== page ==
Jonathan Levin, Dean of Business School, Is Stanford’s New President

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Stanford University’s next president will be Jonathan Levin, an economist who currently serves as dean of the graduate business school and whose association with the university dates back to his undergraduate days in the 1990s.

Dr. Levin’s selection, announced on Thursday, was based partly on his deep understanding of the university’s culture, the school said.

His appointment is also viewed as a stabilizing force, as Stanford faces turmoil stemming from protests over the Israel-Hamas war, as well as controversy over a predecessor, Marc Tessier-Lavigne, who resigned as president last summer amid questions about the quality of scientific research that was conducted in labs he supervised.

Jerry Yang, the technology entrepreneur who is the chair of Stanford’s board of trustees, said that the selection committee chose Dr. Levin, 51, as someone who could chart a course for the university during these politically fraught times.

The trustees held dozens of listening sessions, Mr. Yang said. “People wanted someone with a very distinguished academic record, somebody who has a deep familiarity with Stanford, understanding our spirit and culture,” he said on Thursday. “And they wanted someone with deep integrity.”

In choosing Dr. Levin, who serves on a White House advisory panel on science and technology, Stanford’s 20-member search committee also picked someone steeped in the world of academia.

Dr. Levin holds multiple degrees, has served on Stanford’s faculty since 2000 and is the son of the former Yale University president Richard Levin.

After obtaining undergraduate degrees in math and English from Stanford, Dr. Levin received his master’s degree from the University of Oxford, and then obtained a Ph.D. from the Massachusetts Institute of Technology. He was chair of Stanford’s economics department before becoming dean of the business school in 2016.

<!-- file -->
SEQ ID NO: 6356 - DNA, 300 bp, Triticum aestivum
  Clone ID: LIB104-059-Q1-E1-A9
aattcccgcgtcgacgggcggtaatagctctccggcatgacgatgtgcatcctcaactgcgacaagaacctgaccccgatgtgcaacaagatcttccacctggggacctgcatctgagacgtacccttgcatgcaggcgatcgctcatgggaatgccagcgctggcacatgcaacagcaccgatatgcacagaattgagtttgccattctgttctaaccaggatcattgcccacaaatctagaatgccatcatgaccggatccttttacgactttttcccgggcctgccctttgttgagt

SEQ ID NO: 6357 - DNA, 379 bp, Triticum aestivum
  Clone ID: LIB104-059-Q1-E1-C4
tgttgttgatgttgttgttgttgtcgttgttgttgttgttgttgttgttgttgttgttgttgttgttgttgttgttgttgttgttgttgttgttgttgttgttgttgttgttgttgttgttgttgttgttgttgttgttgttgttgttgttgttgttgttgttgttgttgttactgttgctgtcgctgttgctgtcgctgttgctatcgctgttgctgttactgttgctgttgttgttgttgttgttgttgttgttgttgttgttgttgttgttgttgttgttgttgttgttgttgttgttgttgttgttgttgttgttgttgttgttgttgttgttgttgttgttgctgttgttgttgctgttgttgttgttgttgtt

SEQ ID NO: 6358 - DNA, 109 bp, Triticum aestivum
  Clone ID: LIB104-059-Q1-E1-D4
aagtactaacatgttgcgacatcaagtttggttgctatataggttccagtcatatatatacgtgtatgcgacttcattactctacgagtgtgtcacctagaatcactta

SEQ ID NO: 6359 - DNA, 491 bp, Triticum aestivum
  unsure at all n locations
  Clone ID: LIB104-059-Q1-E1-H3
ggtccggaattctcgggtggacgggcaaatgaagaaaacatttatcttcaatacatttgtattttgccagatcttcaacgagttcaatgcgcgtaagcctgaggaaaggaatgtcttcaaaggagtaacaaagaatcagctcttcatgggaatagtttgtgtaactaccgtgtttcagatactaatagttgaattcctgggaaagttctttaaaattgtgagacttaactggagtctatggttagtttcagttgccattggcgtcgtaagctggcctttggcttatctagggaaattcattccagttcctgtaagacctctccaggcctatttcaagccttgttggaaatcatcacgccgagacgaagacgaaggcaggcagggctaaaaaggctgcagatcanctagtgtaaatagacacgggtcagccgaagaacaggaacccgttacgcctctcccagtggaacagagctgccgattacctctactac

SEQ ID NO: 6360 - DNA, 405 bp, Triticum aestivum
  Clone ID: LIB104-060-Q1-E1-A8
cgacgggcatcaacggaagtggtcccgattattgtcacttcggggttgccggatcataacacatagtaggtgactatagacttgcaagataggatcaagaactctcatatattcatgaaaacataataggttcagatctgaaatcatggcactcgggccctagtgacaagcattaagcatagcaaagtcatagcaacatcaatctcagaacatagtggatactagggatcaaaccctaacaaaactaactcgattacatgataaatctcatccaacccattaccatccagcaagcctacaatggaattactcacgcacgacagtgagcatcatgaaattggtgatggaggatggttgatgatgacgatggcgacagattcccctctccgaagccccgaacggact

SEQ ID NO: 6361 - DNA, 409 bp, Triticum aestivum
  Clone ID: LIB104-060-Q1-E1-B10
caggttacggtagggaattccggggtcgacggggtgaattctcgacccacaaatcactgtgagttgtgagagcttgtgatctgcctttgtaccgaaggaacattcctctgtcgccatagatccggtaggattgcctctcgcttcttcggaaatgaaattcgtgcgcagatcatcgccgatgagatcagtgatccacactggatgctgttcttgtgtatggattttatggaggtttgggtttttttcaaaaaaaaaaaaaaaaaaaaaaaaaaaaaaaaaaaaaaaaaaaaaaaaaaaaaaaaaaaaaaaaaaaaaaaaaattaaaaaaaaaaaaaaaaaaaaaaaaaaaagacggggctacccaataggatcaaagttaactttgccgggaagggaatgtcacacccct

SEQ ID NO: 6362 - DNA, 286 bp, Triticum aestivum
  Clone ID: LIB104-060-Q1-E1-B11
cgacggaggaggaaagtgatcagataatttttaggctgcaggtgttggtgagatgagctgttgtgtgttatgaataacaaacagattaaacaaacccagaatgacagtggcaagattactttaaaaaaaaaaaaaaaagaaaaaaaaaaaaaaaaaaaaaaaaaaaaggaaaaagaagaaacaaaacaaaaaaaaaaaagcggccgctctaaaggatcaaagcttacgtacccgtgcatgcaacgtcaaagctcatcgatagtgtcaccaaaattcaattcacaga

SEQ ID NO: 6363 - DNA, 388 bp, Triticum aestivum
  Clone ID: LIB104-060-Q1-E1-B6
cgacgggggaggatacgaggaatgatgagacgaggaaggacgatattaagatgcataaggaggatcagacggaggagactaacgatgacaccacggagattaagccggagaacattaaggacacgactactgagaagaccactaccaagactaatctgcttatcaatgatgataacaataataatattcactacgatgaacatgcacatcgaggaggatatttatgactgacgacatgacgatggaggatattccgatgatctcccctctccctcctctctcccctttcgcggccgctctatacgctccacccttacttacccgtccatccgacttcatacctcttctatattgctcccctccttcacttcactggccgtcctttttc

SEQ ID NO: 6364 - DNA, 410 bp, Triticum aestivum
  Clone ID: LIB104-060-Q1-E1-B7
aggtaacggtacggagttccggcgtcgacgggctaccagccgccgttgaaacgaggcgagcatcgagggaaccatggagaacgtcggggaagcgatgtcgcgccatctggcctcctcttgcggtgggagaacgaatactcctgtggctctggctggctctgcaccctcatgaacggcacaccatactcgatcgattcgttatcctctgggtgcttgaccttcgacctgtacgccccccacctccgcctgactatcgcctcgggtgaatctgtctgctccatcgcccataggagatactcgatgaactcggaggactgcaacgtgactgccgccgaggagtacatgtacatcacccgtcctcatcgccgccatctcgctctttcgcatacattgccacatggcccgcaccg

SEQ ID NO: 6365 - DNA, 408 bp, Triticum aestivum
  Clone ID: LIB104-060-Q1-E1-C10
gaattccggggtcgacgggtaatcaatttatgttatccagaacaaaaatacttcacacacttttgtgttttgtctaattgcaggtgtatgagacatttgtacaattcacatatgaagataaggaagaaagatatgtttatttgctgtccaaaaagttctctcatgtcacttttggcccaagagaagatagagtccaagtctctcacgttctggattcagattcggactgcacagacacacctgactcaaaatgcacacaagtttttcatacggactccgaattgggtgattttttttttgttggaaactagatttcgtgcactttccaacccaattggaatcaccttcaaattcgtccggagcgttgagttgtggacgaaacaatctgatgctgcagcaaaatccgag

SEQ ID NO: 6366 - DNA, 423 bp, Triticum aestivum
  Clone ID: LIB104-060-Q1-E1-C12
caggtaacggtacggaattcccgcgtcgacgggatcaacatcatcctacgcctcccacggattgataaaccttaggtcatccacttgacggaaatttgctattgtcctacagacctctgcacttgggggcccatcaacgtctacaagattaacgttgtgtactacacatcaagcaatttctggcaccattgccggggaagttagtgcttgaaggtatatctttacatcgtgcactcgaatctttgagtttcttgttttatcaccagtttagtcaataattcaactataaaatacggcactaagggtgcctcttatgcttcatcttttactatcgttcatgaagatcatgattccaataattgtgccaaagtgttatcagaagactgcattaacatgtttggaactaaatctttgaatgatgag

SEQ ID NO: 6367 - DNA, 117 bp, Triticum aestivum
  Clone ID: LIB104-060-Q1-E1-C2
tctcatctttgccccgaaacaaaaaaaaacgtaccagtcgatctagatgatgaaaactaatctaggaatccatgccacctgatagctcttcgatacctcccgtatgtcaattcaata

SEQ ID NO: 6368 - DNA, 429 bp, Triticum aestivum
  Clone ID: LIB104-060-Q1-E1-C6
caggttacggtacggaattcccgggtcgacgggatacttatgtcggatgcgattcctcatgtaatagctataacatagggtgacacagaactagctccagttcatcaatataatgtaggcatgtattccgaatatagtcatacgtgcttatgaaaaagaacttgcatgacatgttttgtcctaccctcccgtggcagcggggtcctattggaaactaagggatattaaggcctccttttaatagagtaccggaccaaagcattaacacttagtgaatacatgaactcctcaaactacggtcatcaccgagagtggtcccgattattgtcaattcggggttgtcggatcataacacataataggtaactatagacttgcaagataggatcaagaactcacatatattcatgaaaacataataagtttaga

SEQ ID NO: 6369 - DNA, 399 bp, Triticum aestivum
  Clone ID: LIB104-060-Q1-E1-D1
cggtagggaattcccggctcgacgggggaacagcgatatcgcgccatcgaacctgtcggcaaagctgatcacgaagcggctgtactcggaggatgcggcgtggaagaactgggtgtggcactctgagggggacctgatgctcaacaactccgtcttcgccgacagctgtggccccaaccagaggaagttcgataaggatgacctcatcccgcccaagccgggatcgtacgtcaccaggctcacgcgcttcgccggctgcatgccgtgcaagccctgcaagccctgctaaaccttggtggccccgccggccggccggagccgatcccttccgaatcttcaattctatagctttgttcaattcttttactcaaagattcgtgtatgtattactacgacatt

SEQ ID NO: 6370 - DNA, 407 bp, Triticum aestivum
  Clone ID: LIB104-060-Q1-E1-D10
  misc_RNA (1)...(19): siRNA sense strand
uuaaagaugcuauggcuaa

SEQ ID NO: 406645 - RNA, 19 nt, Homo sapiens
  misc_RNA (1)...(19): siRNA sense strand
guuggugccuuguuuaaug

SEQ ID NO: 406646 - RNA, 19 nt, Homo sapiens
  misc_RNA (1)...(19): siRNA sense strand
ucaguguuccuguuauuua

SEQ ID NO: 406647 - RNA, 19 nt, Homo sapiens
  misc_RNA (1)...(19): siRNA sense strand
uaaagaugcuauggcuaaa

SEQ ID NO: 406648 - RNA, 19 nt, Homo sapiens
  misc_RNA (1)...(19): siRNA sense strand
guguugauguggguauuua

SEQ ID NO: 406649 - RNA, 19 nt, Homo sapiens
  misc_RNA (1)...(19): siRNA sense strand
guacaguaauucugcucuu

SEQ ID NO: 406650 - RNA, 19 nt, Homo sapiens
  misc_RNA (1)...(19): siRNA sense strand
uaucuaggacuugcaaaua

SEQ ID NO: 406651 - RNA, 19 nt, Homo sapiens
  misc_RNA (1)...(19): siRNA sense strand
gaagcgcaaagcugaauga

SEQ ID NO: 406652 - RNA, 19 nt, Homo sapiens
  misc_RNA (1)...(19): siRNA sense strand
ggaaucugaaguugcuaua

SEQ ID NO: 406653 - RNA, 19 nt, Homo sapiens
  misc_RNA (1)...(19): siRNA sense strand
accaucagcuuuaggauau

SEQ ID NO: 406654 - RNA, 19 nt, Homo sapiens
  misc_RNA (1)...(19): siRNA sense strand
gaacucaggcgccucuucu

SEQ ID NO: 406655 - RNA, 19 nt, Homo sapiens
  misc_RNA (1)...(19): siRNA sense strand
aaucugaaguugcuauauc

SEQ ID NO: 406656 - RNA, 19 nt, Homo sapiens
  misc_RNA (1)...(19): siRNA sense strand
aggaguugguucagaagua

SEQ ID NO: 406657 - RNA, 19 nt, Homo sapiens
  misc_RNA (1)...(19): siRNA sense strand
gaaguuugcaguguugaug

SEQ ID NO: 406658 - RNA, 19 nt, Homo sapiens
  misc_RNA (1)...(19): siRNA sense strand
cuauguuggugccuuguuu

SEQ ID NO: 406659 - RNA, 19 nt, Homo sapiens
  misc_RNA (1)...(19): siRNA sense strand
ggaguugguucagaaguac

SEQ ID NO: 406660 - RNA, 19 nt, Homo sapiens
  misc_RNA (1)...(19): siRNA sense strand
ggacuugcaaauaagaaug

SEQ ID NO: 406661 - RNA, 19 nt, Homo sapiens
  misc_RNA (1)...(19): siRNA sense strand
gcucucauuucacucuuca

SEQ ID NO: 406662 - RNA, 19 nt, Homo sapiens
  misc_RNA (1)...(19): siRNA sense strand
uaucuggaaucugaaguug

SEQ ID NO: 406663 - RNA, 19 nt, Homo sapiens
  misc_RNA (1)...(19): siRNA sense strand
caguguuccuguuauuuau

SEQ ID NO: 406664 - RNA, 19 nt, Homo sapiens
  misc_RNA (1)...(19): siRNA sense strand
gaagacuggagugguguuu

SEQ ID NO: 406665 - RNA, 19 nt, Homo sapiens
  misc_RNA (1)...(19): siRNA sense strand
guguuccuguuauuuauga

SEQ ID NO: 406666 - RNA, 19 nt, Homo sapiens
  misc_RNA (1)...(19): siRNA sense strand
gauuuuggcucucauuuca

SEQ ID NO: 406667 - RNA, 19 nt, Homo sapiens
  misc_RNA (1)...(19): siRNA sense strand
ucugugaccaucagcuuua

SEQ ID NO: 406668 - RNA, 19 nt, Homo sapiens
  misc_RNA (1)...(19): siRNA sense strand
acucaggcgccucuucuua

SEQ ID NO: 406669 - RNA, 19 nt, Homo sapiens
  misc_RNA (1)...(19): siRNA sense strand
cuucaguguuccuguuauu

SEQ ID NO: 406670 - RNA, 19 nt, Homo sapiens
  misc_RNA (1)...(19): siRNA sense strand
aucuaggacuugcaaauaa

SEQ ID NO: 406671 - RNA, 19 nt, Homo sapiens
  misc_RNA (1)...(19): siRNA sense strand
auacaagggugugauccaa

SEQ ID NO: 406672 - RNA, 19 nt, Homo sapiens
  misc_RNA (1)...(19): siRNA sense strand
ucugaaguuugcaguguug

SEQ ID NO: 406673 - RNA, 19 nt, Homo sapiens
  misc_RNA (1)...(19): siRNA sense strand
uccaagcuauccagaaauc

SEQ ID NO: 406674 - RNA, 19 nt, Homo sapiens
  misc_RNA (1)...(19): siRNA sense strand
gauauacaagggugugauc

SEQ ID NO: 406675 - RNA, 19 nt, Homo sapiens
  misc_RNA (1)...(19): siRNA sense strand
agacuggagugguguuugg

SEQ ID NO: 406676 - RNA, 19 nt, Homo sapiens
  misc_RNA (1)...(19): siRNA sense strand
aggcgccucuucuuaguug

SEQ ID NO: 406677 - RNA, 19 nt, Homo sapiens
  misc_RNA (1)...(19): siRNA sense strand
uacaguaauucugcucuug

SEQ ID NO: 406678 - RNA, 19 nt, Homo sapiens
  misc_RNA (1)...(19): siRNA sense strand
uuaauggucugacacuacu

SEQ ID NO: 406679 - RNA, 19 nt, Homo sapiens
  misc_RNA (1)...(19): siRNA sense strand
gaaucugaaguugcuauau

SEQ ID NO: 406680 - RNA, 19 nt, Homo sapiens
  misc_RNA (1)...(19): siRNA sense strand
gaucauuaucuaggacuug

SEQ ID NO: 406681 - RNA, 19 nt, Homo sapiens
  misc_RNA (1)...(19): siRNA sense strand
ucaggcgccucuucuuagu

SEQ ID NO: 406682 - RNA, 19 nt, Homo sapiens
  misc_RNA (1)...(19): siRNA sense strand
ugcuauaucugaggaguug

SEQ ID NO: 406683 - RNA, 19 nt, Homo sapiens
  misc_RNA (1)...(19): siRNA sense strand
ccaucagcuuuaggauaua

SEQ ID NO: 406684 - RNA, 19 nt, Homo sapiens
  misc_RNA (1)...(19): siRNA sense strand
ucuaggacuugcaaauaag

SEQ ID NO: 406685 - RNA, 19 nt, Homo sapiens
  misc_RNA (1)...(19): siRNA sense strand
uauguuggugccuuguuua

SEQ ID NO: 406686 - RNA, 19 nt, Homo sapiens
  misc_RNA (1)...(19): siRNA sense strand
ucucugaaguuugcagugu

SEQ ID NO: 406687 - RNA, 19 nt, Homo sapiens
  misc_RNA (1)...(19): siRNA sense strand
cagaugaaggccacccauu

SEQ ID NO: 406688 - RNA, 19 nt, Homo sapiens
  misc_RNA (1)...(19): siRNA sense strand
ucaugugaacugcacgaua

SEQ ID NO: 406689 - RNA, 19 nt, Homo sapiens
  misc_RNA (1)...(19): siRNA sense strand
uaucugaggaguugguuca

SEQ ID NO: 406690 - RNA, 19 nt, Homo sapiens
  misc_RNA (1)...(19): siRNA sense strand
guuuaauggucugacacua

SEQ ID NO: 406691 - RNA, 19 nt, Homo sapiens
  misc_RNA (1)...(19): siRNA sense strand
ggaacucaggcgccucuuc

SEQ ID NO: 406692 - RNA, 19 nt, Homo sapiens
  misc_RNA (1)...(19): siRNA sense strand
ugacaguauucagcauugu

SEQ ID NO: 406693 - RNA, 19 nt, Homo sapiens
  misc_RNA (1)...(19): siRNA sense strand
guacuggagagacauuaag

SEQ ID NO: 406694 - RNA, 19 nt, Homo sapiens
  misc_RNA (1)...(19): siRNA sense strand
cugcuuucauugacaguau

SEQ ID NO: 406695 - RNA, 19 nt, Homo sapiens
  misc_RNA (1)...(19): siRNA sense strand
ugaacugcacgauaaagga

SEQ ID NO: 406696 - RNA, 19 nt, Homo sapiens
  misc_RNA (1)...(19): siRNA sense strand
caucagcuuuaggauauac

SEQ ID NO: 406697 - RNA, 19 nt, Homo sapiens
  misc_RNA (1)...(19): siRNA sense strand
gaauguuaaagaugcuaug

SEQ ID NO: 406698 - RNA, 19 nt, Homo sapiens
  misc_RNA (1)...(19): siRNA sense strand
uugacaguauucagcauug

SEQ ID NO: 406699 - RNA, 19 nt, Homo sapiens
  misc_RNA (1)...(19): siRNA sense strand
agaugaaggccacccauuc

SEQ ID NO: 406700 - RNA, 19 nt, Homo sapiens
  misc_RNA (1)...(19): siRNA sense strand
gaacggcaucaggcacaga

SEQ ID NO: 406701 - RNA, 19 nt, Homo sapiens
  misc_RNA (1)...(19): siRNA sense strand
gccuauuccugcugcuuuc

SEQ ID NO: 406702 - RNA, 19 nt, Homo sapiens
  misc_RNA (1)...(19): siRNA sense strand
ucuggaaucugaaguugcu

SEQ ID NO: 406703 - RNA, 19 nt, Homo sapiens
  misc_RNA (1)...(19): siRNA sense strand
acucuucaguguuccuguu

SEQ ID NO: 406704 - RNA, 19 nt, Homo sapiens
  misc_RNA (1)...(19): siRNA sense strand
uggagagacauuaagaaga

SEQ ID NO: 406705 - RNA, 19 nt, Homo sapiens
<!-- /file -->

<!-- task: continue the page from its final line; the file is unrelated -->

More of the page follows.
His research has been wide-ranging, covering topics such as early admissions at selective colleges, subprime lending and the impact of financial incentives on health and health care delivery. As dean, Dr. Levin has promoted educating business entrepreneurs in developing countries through a program called Stanford Seed.

In an interview on Thursday, shortly after his selection was made public, Dr. Levin did not comment directly on the scandal involving Dr. Tessier-Lavigne, but he did address another controversial topic on the Palo Alto, Calif., campus: free speech.

Referring to an address he gave at a faculty Senate hearing this year, Dr. Levin repeated his comments that universities should “get out of the business of making statements on current events.” Instead, he said, “we should focus on encouraging students to listen to different perspectives and engage in dialogue and form their own opinions.”

After campus protests erupted over the Israel-Hamas war, the university’s interim president, Richard Saller, in January said the university would refrain from making statements about national and international affairs unless they directly affected the university and its missions. But the declaration of institutional neutrality has not subdued campus controversies.

Just this week, the university became the defendant in a lawsuit by a former instructor, Ameer Hasan Loggins, who is Black and Muslim. The lawsuit accuses Stanford of discrimination because it dismissed Mr. Loggins over a lecture on colonialism several days after the Oct. 7 Hamas attack on Israel.

Even before the campus protests, the university was the focus of a free-speech battle when student protesters heckled Stuart Kyle Duncan, a judge on the U.S. Court of Appeals for the Fifth Circuit who had come to speak with the university chapter of the Federalist Society.

Dr. Levin will take over as Stanford’s 13th president in August, succeeding Dr. Saller, a scholar of Roman history who began serving as interim president last September after the resignation of Dr. Tessier-Lavigne, a neuroscientist.

Dr. Tessier-Lavigne stepped down after a university report last summer found flaws in studies that he had supervised, going back decades.

But the review, conducted by an outside panel of scientists, refuted the most serious claim involving his work — that an important 2009 Alzheimer’s study was the subject of an investigation that found falsified data, and that Dr. Tessier-Lavigne had covered it up.



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